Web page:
Why It Pays To Train And Hire People With Disabilities

The Institute for Workplace Skills and Innovation America (IWSIA) is a non-profit organization promoting workplace equity, advocacy, education, and job training for the most underemployed segment of the United States – youth and adults with disabilities. IWSIA recently released a free, public report Ready, Willing and ABLE – Why it Pays to Hire People with Disabilities examining the current state of job training and employment for people with disabilities in the US, along with recommendations for improvement. I met with Sara Hart Weir, Senior Associate at IWSIA, former President and CEO of the National Down Syndrome Society (NDSS), and a co-founder of the CEO Commission for Disability Employment, to discuss the report. Ms. Weir has been involved with advocating for the needs of the disability community for over two decades. In particular, she led an effort behind the passage of the landmark Achieving a Better Life Experience Act (ABLE Act), enabling tax-free savings accounts for people with disabilities.

Julia Brodsky:  Please tell me more about your ABLE Act efforts and how the IWSIA report is tied to this act.

Sara Hart Weir: The ABLE Act, passed in 2014, was a prominent bipartisan solution to allow families to save for their loved ones with disabilities beyond what is provided by Medicaid and Social Security. I was truly honored to successfully lead that effort on Capitol Hill. The legislation, co-sponsored by 85% of the entire Congress including Sen. Bernie Sanders and Rep. Jim Jordan, was supported by 78 Senators and 381 Representatives. On the heels of the ABLE Act, we launched #DSWORKS, the NDSS employment program, and began to partner with companies from Main Street to Wall Street to push disability apprenticeship, training and hiring. In partnership with IWSIA, we have been leading efforts on workforce development for underserved and underrepresented disability populations. Through the IWSIA report, we offer best practices and strategies for companies to support disability training and hiring processes. We need to shift the focus from educational credentials to skills and talents since many of those we advocate for may have a limited academic background but possess unique gifts that they can bring to the workforce.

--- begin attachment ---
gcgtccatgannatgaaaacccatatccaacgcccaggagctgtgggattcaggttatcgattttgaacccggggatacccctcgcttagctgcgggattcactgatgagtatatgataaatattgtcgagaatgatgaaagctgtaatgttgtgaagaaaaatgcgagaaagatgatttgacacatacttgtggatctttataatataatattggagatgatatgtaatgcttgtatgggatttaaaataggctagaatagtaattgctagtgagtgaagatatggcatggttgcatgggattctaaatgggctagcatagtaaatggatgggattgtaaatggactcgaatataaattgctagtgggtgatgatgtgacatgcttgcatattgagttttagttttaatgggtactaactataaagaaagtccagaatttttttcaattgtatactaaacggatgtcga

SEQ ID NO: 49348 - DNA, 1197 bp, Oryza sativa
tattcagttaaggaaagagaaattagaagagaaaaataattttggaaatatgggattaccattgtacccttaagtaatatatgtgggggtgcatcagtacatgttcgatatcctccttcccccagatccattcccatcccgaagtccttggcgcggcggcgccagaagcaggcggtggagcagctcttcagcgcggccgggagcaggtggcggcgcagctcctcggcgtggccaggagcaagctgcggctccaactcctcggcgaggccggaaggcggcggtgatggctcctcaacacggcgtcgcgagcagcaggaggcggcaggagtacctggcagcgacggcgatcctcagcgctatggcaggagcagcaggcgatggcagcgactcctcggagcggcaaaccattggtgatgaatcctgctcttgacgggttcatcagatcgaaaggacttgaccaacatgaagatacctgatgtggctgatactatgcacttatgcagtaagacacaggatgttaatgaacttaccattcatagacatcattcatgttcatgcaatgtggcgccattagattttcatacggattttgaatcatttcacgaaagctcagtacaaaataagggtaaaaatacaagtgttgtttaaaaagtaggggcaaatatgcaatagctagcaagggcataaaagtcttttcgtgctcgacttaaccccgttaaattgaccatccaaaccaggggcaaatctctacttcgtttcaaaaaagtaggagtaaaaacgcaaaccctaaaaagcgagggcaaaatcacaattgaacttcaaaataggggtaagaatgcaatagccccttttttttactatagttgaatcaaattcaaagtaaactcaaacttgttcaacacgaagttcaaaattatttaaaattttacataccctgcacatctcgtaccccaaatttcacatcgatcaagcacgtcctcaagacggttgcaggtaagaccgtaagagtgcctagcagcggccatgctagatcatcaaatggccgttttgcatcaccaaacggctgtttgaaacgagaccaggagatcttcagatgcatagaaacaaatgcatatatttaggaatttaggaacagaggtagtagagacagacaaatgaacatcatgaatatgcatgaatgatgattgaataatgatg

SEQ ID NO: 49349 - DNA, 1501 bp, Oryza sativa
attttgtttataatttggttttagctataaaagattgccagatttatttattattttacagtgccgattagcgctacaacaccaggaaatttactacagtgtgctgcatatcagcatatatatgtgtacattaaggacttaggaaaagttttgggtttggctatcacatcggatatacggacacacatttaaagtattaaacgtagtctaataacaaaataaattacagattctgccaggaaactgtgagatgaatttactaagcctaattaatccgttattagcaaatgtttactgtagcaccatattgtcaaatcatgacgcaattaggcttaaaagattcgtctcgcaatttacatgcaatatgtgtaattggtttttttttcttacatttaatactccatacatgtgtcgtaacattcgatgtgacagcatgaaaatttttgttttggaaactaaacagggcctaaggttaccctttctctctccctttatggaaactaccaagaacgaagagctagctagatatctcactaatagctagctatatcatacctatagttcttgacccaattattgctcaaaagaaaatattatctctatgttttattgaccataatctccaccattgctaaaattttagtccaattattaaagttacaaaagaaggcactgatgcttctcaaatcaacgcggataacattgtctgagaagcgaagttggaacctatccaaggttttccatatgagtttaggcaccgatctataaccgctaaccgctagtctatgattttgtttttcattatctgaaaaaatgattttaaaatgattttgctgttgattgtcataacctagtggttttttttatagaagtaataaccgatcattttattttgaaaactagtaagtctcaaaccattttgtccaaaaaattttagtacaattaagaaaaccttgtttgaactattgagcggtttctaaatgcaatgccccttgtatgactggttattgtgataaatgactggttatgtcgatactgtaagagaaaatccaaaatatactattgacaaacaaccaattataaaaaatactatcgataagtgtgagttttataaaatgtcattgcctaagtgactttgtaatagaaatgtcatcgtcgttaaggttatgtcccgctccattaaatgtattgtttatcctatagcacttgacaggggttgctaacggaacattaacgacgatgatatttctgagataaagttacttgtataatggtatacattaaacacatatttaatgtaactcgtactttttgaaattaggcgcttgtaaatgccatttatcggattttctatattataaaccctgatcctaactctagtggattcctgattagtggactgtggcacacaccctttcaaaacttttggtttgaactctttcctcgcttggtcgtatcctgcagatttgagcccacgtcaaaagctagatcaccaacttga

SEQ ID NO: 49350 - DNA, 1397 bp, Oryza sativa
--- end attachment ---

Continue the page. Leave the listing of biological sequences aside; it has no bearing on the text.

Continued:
JB: So, what do you presently see as obstacles to implementing those programs?

SHW: We need to overcome multiple obstacles. While every company is talking about diversity, equity, and inclusion (DEI), many companies leave people with disabilities out of the conversation. We need to ensure equitable compensation for disabled workers by finally revisiting the wage regulations of 1938 and pushing for systemic reforms to change the way people with disabilities are rewarded in the workplace. The regulations on employment and assets for people with disabilities haven’t been revised since the mid-1960s, further contributing to a vicious cycle of poverty. We need to create a national system of disability programs to achieve greater mobility for individuals with disabilities to move across state lines, increasing their job opportunities. For any of this to happen, the community needs to get engaged: job coaches, business leaders, CEOs, heads of human resources (HR) departments, and of course, special needs educators.

JB: Quoting the IWSIA report, “Schools can help prepare students with disabilities for work through vocational education and school-to-work transition services, but those students also need direct work experience and engagement with employers.” Could you please elaborate on the possible paths students can take to achieve this?


SHW: Seventeen percent of the students about to enter the workforce are on Individualized Education Plans (IEPs). That’s one out of every six graduates. We can’t afford to leave another generation behind. When these students come out of the high school system and start transitioning into community-based support and services, we need to do our best to ensure they can access competitive, integrated employment and equal pay, just like we do for every other student in our education system. We need to focus on the appropriate individualized training in the classroom, in the community, and at the workplace. When it comes to individuals with intellectual and developmental disabilities, a lot of workplace support comes in the form of dedicated mentors and job coaches. And when you give individuals with disabilities a chance, any misconceptions that exist about them are put to rest. 

Apprenticeship partnerships are also the cornerstone of what we do at IWSIA. The changes to the work environment brought about by COVID-19 have left many people with disabilities even worse off than the general population. The situation is more urgent than ever. No matter who you are, we believe you must enter adulthood with a set of solid skills and comprehensive support along the way. A good apprenticeship program allows individuals with disabilities to achieve their dreams.

The Tycoon Herald